Guest Author - Monica J. Foster
Title III of the ADA applies to public accommodations, which are private entities that are open to the public. Some examples of public accommodations are as restaurants, hotels, theaters, retail stores and shopping centers, grocery stores, parks that are not owned by the government, hospitals and doctor's offices and law offices to name a few. There are many other examples of private facilities that would fall under Title III.
All public accommodations must make reasonable modifications in policies, practices, and procedures that deny equal access to people with disabilities. An example of modifying a policy is allowing service animals in a place that would not normally allow pets, such as a hotel or restaurant. A public accommodation does not have to modify a policy if it would greatly alter that establishmentís goods, services, or operations. Letís say a doctor who specializes exclusively in burn treatment may refer one of their patients with a disability to another doctor, if the individual is seeking something beyond or other than burn treatment. A burn specialist, however, could not refuse to provide burn treatment to, for example, an individual who also happens to have AIDS or is HIV positive.
Public places must provide auxiliary aids and services when they are necessary to ensure effective communication with people who are deaf, blind or have similar sensory or communication disabilities. Examples of auxiliary aids may include such things as a qualified interpreter, closed captioning on TVs, assistive listening headsets during a meeting, and Braille materials as alternate format handouts. An auxiliary aid is not required if it would result in an undue burden or fundamentally alter the businessí operations.
Undue burden is evaluated by weighing various things, including the nature and net cost of the accommodation, the overall financial resources of the facility or business, and the impact of the accommodation on the operation of the facility.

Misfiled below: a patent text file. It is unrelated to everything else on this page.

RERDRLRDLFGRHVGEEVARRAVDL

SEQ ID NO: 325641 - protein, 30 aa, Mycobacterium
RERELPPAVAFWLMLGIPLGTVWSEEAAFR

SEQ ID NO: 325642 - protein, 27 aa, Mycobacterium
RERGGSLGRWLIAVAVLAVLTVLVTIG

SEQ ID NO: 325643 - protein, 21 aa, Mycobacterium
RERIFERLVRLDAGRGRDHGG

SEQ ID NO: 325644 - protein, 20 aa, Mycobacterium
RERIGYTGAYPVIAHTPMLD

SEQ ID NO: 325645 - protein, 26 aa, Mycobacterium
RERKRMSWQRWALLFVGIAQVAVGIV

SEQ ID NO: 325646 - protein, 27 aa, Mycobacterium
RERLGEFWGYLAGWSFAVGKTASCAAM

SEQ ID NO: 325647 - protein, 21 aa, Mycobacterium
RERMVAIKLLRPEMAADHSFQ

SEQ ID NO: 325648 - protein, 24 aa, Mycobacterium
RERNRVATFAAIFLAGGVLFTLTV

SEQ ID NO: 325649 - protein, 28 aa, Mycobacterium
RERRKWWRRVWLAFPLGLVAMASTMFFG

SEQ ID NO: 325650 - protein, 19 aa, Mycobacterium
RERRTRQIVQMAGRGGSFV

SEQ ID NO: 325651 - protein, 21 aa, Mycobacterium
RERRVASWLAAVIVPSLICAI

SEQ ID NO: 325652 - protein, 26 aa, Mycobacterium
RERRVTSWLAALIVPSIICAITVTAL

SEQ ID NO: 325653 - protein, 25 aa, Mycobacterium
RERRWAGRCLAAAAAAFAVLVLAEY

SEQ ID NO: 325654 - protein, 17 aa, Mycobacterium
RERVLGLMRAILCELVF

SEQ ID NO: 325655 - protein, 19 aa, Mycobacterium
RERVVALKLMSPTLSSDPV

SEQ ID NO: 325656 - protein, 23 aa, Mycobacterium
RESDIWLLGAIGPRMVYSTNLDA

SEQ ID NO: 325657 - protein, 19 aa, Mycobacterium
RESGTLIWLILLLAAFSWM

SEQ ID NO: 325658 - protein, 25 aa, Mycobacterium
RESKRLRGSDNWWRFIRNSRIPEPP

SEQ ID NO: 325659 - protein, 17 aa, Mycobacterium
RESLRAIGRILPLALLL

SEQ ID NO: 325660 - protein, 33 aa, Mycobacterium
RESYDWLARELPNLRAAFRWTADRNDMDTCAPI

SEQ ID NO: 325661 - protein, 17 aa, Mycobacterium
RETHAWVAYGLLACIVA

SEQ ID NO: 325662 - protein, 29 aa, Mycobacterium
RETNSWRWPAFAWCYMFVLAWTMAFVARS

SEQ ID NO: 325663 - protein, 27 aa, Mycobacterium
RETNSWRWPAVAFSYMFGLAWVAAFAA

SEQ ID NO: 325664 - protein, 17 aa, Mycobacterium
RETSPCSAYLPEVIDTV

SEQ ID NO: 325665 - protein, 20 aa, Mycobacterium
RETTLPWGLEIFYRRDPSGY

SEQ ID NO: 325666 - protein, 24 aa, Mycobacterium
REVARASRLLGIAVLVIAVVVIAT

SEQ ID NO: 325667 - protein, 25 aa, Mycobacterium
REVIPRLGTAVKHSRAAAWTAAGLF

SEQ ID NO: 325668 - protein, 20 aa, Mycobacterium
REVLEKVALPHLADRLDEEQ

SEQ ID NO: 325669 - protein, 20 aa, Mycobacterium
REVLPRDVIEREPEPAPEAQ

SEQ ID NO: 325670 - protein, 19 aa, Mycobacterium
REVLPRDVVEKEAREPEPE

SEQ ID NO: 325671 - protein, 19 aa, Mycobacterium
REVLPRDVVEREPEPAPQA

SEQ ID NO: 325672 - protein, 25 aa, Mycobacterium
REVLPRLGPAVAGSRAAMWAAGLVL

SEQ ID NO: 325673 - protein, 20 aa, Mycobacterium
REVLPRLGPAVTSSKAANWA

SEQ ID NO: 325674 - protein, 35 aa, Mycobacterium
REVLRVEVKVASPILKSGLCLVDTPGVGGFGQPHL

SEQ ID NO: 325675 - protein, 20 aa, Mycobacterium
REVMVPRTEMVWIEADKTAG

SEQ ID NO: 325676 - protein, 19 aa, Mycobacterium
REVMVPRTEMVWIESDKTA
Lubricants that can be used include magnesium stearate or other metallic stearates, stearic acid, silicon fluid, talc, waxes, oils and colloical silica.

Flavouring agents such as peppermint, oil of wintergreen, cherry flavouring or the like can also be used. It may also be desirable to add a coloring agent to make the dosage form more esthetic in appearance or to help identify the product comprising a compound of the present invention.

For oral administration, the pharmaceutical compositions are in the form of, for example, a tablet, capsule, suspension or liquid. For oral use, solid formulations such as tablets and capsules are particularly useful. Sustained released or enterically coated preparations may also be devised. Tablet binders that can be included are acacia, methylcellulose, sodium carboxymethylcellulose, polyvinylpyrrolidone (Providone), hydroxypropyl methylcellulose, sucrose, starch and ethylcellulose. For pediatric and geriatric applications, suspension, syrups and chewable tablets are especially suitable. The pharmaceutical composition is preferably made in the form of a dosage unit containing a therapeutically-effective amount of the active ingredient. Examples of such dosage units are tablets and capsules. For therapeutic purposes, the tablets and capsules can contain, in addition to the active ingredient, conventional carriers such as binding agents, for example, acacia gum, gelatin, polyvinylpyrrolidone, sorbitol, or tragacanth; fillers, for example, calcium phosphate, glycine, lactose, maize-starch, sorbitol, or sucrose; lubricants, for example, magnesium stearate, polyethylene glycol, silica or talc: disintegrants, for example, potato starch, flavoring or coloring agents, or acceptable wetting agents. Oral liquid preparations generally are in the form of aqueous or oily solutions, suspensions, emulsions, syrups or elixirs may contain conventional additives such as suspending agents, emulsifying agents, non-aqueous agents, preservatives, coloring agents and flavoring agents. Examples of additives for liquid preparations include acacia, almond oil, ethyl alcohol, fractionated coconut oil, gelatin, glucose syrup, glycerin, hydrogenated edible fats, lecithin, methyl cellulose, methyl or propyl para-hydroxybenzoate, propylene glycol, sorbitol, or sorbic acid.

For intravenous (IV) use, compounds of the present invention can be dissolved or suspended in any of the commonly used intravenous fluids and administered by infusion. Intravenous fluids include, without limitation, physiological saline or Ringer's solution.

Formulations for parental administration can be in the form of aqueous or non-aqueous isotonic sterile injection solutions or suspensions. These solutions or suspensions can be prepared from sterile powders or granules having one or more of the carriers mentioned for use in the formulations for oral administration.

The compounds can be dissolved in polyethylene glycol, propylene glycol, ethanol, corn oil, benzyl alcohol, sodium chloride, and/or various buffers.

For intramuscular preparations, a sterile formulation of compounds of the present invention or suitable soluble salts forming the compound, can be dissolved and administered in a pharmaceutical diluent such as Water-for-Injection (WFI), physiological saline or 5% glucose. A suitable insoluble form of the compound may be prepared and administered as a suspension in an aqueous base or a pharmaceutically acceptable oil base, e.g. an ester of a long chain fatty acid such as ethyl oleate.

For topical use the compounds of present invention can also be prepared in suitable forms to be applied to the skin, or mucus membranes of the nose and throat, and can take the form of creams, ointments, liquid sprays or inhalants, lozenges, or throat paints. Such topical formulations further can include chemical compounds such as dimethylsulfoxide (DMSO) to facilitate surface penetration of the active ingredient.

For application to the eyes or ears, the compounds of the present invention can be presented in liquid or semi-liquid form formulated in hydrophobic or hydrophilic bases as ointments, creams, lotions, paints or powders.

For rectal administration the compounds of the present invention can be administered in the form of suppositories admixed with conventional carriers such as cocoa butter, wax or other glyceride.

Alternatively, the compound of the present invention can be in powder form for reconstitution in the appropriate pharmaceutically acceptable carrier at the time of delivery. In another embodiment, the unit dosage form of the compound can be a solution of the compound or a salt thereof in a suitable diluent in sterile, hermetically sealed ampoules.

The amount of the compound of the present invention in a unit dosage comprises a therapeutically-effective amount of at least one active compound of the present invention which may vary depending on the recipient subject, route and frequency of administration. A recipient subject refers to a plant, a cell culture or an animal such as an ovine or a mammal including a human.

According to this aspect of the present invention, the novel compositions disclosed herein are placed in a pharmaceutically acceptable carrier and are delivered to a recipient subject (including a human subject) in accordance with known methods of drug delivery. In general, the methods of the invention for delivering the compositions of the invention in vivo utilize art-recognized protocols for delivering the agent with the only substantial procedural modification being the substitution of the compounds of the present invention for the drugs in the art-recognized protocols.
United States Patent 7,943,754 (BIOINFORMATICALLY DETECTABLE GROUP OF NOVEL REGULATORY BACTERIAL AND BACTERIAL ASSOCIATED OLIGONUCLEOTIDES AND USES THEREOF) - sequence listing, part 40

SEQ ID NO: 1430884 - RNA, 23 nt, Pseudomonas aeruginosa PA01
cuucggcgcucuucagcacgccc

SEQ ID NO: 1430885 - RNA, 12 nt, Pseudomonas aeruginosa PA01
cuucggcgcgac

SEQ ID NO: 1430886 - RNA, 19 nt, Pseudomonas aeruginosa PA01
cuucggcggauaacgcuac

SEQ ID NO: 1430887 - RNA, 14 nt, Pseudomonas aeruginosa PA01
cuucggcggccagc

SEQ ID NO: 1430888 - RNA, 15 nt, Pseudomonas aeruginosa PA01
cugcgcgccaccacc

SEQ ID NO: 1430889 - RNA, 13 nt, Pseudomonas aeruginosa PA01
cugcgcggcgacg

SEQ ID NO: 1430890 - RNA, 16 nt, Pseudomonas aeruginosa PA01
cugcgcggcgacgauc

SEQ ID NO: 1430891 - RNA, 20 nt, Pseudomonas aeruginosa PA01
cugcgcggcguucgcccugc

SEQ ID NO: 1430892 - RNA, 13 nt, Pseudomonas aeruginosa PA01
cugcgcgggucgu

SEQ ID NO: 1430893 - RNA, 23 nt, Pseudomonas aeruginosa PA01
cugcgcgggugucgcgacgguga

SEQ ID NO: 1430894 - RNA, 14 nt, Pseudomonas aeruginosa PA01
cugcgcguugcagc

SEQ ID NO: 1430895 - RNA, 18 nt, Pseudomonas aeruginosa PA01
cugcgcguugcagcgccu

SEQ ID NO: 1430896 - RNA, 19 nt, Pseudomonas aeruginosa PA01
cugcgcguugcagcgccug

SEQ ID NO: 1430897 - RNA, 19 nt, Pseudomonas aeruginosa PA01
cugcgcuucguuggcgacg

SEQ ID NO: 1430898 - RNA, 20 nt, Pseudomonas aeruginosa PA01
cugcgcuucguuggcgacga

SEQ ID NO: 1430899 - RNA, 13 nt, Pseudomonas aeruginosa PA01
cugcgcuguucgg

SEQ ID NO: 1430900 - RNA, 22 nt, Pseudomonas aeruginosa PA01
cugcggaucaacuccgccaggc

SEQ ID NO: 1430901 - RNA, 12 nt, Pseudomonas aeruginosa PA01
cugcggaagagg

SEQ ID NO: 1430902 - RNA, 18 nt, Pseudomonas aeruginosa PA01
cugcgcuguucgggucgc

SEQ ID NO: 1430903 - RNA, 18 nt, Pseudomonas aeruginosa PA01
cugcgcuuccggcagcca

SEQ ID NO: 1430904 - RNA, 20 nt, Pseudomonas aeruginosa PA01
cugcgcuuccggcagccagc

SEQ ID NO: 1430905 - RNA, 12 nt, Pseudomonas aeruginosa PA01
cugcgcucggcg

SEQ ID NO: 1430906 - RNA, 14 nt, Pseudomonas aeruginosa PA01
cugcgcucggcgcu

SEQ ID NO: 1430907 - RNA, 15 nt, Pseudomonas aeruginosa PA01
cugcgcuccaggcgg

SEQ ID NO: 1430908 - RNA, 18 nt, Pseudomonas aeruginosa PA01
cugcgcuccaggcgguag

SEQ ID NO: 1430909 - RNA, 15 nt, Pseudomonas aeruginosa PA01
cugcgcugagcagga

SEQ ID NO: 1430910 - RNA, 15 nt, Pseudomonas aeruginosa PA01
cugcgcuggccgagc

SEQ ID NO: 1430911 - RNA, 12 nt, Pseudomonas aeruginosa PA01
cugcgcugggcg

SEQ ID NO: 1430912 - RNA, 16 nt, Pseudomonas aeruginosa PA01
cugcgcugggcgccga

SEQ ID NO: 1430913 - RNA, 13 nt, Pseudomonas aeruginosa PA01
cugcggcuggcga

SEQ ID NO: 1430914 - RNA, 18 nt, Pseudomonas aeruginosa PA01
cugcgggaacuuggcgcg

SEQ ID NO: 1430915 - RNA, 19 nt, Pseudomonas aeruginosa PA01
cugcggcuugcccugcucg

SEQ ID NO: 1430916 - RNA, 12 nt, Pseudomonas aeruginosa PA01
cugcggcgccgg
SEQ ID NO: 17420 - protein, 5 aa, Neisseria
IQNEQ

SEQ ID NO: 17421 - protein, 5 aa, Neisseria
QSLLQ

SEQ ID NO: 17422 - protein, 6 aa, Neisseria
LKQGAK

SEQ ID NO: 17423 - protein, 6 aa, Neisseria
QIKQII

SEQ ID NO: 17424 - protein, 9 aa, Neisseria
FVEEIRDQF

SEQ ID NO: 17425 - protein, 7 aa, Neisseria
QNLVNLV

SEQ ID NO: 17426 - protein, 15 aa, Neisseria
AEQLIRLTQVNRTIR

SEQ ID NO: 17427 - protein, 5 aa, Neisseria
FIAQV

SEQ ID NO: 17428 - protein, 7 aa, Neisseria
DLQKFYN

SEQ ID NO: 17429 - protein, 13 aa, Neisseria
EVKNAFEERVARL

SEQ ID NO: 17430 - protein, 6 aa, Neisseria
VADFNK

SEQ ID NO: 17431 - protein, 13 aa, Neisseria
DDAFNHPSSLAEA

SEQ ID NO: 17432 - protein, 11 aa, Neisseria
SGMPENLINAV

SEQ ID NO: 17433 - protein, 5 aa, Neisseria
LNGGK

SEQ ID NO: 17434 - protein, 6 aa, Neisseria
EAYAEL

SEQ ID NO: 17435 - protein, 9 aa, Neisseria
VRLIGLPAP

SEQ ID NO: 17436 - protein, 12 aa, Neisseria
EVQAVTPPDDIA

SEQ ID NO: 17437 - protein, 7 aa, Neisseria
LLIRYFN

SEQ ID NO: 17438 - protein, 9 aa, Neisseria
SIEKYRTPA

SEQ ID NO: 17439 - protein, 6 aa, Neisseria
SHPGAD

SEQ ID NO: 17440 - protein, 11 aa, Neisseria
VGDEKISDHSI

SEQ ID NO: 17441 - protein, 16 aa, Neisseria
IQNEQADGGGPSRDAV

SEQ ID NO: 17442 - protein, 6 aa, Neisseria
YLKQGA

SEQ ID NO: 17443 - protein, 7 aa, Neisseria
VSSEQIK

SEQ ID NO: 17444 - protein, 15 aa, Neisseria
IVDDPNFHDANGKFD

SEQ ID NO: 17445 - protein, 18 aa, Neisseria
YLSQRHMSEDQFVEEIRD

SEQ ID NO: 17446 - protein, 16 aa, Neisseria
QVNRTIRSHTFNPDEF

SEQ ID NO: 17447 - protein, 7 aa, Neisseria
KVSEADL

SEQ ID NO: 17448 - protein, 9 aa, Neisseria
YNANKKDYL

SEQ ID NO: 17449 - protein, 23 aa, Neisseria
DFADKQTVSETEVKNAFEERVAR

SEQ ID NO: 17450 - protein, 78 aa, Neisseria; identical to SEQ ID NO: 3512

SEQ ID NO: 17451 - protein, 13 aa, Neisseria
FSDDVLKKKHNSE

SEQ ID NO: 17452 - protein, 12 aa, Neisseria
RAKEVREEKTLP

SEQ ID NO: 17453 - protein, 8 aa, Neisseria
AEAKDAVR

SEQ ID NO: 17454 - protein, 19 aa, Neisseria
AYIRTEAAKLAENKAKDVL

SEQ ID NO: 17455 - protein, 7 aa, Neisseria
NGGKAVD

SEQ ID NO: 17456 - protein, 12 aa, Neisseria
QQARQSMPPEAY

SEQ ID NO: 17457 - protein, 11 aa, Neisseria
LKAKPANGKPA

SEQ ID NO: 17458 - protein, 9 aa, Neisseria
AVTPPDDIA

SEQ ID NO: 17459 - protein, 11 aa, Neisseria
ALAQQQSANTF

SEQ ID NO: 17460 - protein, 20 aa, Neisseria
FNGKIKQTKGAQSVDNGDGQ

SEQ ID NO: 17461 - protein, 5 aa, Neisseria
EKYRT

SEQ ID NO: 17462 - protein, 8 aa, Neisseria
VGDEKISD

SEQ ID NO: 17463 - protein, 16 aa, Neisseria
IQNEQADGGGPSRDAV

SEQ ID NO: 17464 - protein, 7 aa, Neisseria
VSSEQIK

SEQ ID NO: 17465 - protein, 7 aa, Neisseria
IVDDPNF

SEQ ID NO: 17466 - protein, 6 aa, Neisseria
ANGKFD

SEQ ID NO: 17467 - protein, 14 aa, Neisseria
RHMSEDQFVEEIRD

The ADA requires the removal of architectural barriers in facilities where "readily achievable." Some examples include putting in ramps, making curbs on sidewalks and building entrances accessible, rearranging furniture, widening doorways, installing grab bars in restrooms, insulating pipes for roll-under sinks, lowering towel dispenses in restrooms and more. What is readily achievable? Readily achievable means it is easy to accomplish and can be done without much difficulty or expense.
New buildings that are designed and constructed to be first occupied by a public accommodation after January 26, 1993 are required to be accessible to people with disabilities under Title III. The specific architectural standards for accessibility in new construction are contained in the Americans with Disabilities Act Accessibility Guidelines (ADAAG) issued by the Architectural and Transportation Barriers Compliance Board (Access Board), an independent federal agency. For more about the ADAAG, contact the Access Board at the website below.
If you are being discriminated against by a public accommodation covered under Title III of the ADA, there have several options. A person may begin by contacting the manager and/or owner of the facility that he or she thinks is discriminating against them. The best way to notify a business manager or owner is in writing so you have dated written proof of all your correspondence in the event things escalate. Have written proof of contacts. Keep a log of calls listing when the call was made, the number, the location and the name and position of the person that was reached. If resolving the problem with a business is not possible alone, the person has the right to file a formal complaint with the Department of Justice or file a lawsuit.